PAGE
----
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    [quote name='PeterN' post='792274' date='05-Sep-2009 13:41']Play around with Export from the File menu. This only allows you to do one at a time but gives you all standard formats, excel, text, csv, other database formats. You can use the records within a table to make another one by using a Make Table query. If you want to do more than one table at a time, you would have to use code. A lot depends on what it is you need to do with these tables in terms of determining the most efficient way to do it.[/quote]
    Peter,

    Thanks for the reply. I need to be more specific.

    I have table A with fields named:
    Name: Type: Caption : Precision
    where Name = the name of the field to be created
    Type is the type of field
    Caption is the caption to use for the field
    Precision is the decimal places for numeric values


    Sample Records in the table :
    txtFirstName : Text : First Name :
    txtLastName : Text : Last Name :
    intAge : Integer : Age : 0
    PayRate : Currency: Rate : 2
    Weight : Single : Weight : 2
    DoB : Date/Time: Birthdate :

    These records would create fields in a table with the above specs.

    I hope this better explains my goal.

    Thanks!

    Ken

  5. #5
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    [quote name='WendellB' post='792275' date='05-Sep-2009 13:50']In answer to your first question, yes you can - but you don't use either. You manipulate a native Access table using the TableDef properties with VBA. ADO and DAO are methods for working with records in tables, but not for changing the table design.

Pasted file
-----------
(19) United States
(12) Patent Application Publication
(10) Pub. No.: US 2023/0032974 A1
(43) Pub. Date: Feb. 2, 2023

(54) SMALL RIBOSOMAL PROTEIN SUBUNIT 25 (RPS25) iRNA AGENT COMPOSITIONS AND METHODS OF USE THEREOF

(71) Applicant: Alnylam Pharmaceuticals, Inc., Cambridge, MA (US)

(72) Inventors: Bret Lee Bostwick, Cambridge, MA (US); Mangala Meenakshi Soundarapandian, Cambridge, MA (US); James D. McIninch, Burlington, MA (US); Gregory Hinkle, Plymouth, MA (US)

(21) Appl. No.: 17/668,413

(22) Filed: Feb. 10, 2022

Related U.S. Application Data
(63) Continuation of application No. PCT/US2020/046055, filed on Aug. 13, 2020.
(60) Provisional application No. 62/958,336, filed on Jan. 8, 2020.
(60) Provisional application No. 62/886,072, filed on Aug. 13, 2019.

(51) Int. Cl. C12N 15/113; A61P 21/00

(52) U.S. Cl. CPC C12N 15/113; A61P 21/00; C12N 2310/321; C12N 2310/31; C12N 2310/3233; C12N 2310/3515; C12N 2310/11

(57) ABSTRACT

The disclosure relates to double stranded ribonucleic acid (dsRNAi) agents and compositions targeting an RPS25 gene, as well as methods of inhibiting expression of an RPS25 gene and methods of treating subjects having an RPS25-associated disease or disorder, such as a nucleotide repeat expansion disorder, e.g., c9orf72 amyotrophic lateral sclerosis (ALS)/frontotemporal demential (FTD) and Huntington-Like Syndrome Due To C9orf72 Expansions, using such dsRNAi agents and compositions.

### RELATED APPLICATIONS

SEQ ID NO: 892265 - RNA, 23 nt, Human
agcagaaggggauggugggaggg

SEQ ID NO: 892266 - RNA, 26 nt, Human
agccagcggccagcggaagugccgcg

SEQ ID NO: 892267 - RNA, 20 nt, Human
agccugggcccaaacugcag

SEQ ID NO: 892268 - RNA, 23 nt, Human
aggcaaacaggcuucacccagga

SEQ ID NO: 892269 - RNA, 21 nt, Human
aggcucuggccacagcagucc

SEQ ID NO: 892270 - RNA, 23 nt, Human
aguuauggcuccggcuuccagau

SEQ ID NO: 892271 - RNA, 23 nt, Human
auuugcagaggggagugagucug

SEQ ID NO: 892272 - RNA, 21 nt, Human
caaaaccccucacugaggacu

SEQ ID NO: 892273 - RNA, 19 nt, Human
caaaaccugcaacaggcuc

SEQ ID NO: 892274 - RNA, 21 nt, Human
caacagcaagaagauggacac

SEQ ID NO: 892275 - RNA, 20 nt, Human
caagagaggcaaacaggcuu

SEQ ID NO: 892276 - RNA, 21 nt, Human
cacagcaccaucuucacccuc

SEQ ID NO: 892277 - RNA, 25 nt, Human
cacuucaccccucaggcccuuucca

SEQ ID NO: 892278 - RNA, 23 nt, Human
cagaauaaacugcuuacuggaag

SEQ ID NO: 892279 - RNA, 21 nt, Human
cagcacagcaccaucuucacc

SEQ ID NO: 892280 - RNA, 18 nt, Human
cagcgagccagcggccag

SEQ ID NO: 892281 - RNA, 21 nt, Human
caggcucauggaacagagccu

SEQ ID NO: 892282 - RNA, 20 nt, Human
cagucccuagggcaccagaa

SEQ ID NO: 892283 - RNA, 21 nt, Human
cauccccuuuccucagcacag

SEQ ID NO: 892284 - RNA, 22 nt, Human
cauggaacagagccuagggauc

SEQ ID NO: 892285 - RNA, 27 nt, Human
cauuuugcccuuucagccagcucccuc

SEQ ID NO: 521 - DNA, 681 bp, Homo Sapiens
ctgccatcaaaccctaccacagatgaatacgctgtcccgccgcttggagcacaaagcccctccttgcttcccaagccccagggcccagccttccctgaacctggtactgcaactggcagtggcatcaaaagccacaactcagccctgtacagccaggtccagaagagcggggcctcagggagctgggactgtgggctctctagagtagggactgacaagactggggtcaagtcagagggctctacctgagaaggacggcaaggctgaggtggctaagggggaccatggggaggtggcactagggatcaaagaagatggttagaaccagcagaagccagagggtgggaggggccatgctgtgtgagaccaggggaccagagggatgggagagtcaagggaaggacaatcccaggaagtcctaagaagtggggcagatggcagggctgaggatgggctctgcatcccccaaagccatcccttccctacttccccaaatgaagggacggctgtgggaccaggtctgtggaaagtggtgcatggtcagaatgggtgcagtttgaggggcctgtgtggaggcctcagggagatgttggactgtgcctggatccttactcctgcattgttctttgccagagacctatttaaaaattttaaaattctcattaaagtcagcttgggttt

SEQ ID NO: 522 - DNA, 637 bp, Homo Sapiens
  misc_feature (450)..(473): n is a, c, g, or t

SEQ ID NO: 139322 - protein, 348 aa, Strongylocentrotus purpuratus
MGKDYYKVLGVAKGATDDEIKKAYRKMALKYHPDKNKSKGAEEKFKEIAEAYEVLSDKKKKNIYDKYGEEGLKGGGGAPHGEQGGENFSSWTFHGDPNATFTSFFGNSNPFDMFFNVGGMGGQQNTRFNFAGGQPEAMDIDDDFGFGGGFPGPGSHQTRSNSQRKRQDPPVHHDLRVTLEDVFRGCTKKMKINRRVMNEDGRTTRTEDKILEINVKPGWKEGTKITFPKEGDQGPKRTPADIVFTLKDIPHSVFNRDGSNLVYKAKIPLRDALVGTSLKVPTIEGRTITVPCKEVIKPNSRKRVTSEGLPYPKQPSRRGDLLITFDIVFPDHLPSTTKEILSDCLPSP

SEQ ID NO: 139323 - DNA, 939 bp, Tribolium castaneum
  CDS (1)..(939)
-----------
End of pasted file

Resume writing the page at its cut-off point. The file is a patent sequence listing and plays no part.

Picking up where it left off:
However, creating or changing export specifications programatically is not a trivial task, and is dependent on the version of Access you are using. In particular, Access 2007 stores them in a different fashion. I've never attempted to do that, and I must say my experience trying to create fixed with text files presents some significant challenges. For example, boolean fields don't seem to behave terribly well, and dates sometimes what to export with time as well. With further web research you may be able to find some information on how to approach it, but my guess is the programing research would take far longer than just creating the export specifications. If you do find a good resource on the subject, please post it so others can benefit from it. Thanks.[/quote]
    Wendell,

    Thanks for the follow up. I am using Access 2003. I have found a snippet of code I am testing for creating the tables. The master source table I have contains like 200+ fields with specs, and I need to create several tables from the source. If I have any luck, I can share the resulting code.

    As for the date and boolean fields, in the past when I had to create text files, I used queries and formatted the date fields using something like ExprtDate:format(MyDate,"YYYYMMDD") as the field to export. And something like YesNo:IIF(Fldname=true,"Y","N").

    I'll research and test creating an export spec via code and share any positive experience.

    Thanks!

    Ken

  6. #6
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    Sometimes one forgets to look in the obvious places. It finally dawned on me that I should search this forum, and I think you may find This post by Jan Karel Pieterse - it deals with import specs instead of export specs, but it describes where you can find the specs in 2003, and indicates that those objects are exposed to the VBA engine in 2007, but not 2003 and earlier.
    Wendell